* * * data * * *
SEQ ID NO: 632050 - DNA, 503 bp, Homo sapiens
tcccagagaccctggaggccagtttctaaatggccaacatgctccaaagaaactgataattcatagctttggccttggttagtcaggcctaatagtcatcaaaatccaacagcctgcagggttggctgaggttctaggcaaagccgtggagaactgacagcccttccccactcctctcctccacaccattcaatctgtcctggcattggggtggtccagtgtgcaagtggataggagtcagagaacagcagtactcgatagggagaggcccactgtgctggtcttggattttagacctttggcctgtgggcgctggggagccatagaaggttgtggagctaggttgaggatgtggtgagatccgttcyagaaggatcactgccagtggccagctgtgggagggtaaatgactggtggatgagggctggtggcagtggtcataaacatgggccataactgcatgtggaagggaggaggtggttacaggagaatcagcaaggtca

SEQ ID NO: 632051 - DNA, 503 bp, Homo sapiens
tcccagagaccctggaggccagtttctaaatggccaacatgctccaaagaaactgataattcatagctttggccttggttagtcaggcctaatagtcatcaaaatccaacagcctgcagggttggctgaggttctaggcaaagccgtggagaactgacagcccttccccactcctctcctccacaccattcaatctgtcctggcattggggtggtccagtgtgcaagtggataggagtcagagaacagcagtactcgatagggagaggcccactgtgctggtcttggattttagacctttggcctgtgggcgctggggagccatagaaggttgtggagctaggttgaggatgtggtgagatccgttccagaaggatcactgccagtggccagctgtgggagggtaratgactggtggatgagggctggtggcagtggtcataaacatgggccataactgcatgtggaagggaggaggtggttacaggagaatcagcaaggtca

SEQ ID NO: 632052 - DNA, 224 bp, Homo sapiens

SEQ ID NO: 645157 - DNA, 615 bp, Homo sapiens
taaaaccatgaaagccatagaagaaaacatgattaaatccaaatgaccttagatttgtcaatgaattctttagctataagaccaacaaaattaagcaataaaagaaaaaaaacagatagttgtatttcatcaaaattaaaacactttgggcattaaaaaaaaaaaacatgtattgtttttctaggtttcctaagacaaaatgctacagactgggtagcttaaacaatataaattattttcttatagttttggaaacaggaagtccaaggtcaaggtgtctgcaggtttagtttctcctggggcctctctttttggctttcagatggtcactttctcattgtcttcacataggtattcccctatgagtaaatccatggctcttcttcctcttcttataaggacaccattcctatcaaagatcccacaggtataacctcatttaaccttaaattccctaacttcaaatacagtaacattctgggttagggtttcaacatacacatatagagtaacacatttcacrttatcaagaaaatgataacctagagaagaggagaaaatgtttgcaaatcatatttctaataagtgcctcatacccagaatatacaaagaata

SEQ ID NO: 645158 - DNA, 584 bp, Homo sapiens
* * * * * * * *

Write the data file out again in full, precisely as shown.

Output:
SEQ ID NO: 632050 - DNA, 503 bp, Homo sapiens
tcccagagaccctggaggccagtttctaaatggccaacatgctccaaagaaactgataattcatagctttggccttggttagtcaggcctaatagtcatcaaaatccaacagcctgcagggttggctgaggttctaggcaaagccgtggagaactgacagcccttccccactcctctcctccacaccattcaatctgtcctggcattggggtggtccagtgtgcaagtggataggagtcagagaacagcagtactcgatagggagaggcccactgtgctggtcttggattttagacctttggcctgtgggcgctggggagccatagaaggttgtggagctaggttgaggatgtggtgagatccgttcyagaaggatcactgccagtggccagctgtgggagggtaaatgactggtggatgagggctggtggcagtggtcataaacatgggccataactgcatgtggaagggaggaggtggttacaggagaatcagcaaggtca

SEQ ID NO: 632051 - DNA, 503 bp, Homo sapiens
tcccagagaccctggaggccagtttctaaatggccaacatgctccaaagaaactgataattcatagctttggccttggttagtcaggcctaatagtcatcaaaatccaacagcctgcagggttggctgaggttctaggcaaagccgtggagaactgacagcccttccccactcctctcctccacaccattcaatctgtcctggcattggggtggtccagtgtgcaagtggataggagtcagagaacagcagtactcgatagggagaggcccactgtgctggtcttggattttagacctttggcctgtgggcgctggggagccatagaaggttgtggagctaggttgaggatgtggtgagatccgttccagaaggatcactgccagtggccagctgtgggagggtaratgactggtggatgagggctggtggcagtggtcataaacatgggccataactgcatgtggaagggaggaggtggttacaggagaatcagcaaggtca

SEQ ID NO: 632052 - DNA, 224 bp, Homo sapiens

SEQ ID NO: 645157 - DNA, 615 bp, Homo sapiens
taaaaccatgaaagccatagaagaaaacatgattaaatccaaatgaccttagatttgtcaatgaattctttagctataagaccaacaaaattaagcaataaaagaaaaaaaacagatagttgtatttcatcaaaattaaaacactttgggcattaaaaaaaaaaaacatgtattgtttttctaggtttcctaagacaaaatgctacagactgggtagcttaaacaatataaattattttcttatagttttggaaacaggaagtccaaggtcaaggtgtctgcaggtttagtttctcctggggcctctctttttggctttcagatggtcactttctcattgtcttcacataggtattcccctatgagtaaatccatggctcttcttcctcttcttataaggacaccattcctatcaaagatcccacaggtataacctcatttaaccttaaattccctaacttcaaatacagtaacattctgggttagggtttcaacatacacatatagagtaacacatttcacrttatcaagaaaatgataacctagagaagaggagaaaatgtttgcaaatcatatttctaataagtgcctcatacccagaatatacaaagaata

SEQ ID NO: 645158 - DNA, 584 bp, Homo sapiens